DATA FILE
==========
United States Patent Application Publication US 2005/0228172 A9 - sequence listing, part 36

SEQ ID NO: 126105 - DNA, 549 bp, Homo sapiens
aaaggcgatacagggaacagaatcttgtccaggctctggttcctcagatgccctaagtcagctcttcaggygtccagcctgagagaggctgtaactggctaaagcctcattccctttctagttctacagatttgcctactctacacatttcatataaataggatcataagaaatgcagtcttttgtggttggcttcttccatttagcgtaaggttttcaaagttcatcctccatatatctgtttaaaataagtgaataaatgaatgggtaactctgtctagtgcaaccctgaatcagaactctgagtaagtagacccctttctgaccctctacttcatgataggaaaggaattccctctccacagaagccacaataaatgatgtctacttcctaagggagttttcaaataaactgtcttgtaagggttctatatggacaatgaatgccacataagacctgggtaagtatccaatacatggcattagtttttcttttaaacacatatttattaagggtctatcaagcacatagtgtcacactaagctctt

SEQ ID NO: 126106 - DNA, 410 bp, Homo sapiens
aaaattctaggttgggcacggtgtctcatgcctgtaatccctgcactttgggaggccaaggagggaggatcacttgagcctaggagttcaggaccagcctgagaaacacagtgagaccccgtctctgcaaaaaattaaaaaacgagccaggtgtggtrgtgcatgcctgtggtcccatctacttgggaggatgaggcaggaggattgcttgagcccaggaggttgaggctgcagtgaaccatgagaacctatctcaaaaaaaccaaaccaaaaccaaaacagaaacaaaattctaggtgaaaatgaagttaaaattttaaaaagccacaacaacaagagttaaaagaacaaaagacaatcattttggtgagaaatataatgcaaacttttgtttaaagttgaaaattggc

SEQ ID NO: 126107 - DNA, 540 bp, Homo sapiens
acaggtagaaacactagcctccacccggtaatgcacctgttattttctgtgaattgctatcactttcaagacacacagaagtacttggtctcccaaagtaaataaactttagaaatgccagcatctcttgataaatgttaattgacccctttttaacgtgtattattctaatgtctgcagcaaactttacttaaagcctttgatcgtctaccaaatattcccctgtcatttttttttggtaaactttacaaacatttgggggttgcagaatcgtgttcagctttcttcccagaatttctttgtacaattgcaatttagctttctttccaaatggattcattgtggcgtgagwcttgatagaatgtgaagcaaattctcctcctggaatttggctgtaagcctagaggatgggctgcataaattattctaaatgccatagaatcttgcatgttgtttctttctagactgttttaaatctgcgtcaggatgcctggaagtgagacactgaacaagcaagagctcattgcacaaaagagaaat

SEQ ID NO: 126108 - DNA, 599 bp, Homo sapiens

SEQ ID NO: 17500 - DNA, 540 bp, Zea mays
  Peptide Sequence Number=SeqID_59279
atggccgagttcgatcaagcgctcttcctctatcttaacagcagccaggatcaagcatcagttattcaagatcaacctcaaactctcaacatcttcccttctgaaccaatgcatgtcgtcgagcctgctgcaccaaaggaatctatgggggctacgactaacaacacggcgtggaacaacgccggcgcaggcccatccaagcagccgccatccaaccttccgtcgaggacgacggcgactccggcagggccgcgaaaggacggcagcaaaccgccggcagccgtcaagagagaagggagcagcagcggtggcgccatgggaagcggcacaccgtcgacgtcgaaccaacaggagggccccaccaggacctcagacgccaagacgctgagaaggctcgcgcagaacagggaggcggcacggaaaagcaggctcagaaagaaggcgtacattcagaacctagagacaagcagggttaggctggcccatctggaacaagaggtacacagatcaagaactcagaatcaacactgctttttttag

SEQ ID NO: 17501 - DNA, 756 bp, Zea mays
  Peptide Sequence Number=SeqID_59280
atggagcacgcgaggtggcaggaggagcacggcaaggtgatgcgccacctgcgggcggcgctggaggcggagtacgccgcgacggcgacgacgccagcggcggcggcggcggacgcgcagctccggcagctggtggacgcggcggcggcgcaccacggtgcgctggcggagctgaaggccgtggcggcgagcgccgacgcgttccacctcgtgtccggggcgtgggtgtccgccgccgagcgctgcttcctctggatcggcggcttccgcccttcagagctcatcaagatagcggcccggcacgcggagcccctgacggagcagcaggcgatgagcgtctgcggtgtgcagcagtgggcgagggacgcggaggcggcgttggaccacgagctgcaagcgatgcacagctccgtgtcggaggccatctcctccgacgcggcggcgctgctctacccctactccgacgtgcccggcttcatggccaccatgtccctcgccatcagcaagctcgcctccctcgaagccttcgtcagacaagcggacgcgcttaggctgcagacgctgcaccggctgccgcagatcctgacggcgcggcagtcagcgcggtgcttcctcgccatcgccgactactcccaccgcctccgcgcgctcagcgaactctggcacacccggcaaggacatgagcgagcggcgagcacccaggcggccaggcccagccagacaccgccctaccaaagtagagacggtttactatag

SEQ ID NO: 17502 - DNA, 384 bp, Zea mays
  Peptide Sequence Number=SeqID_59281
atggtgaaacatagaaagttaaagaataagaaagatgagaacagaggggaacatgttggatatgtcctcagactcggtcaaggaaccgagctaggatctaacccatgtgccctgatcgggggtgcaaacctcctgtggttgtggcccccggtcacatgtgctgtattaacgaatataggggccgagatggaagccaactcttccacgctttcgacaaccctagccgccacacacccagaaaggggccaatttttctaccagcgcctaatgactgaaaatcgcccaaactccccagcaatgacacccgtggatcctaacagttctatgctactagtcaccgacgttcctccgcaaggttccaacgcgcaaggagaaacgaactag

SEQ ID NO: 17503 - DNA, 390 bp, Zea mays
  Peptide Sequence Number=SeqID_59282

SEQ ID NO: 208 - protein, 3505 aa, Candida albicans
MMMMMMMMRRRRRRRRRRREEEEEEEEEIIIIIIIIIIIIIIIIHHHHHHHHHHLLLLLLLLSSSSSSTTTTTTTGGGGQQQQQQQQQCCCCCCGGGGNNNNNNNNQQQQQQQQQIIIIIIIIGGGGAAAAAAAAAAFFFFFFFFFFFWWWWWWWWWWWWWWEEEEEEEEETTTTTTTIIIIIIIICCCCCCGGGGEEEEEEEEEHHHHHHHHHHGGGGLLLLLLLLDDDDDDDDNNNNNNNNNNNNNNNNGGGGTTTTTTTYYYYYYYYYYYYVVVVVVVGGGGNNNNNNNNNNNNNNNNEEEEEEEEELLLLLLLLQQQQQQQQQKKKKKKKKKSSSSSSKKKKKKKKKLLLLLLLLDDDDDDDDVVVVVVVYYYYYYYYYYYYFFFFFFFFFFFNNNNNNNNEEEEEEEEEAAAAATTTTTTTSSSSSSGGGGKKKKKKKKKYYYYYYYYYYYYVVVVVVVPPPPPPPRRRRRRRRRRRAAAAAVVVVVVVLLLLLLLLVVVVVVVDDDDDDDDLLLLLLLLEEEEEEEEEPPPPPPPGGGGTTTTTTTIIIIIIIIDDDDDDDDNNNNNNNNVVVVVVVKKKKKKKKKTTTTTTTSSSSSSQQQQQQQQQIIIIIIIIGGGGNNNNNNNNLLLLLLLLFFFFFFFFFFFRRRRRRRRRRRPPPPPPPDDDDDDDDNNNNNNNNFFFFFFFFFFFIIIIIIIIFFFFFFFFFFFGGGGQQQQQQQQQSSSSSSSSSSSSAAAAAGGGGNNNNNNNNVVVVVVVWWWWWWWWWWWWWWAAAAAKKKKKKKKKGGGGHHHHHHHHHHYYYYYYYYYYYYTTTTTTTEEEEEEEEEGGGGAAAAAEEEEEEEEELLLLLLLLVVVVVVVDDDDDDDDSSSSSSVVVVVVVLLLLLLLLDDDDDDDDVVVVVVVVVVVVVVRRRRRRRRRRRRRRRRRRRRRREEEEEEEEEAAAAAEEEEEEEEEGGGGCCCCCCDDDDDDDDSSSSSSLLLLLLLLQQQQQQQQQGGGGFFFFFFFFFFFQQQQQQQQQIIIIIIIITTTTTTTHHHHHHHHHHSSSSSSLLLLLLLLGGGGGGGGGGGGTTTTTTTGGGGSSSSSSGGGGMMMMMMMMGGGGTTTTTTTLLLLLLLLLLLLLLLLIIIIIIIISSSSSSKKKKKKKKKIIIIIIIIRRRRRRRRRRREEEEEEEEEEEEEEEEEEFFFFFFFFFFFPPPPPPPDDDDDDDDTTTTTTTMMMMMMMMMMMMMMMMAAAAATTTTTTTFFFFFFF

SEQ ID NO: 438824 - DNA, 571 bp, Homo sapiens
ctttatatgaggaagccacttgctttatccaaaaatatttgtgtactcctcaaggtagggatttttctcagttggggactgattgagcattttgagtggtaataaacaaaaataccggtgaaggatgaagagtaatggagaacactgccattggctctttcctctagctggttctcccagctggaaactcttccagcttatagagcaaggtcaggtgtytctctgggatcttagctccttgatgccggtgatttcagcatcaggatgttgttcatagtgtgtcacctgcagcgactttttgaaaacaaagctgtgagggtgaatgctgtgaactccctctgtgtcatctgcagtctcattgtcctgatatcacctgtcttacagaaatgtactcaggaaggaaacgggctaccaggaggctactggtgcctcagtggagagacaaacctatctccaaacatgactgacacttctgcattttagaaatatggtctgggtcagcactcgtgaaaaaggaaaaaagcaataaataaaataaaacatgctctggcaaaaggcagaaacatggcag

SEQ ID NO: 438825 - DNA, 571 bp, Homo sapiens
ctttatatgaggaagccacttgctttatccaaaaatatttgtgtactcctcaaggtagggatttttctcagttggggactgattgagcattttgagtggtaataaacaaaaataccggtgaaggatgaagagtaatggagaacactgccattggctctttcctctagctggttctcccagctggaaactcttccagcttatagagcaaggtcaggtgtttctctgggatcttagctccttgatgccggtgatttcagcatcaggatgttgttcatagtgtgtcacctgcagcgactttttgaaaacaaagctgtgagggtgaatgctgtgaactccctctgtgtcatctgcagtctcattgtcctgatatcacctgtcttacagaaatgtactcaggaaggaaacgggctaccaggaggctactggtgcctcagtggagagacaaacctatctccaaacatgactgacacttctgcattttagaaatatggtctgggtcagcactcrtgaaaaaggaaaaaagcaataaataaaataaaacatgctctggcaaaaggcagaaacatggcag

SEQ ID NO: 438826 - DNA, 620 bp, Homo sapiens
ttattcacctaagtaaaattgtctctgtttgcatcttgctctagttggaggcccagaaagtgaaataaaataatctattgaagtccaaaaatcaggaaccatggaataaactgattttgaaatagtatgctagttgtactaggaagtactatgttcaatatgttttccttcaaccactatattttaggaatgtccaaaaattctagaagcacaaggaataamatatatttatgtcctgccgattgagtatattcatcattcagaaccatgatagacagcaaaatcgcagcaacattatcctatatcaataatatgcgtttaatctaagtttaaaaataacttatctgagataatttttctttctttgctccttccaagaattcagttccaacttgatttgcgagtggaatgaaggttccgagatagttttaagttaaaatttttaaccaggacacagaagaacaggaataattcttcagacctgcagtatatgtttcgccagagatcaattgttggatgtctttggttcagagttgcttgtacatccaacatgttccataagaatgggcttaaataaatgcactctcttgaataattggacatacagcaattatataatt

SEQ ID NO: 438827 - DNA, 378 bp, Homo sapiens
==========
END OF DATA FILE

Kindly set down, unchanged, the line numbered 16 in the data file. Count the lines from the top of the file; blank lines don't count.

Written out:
  Peptide Sequence Number=SeqID_59281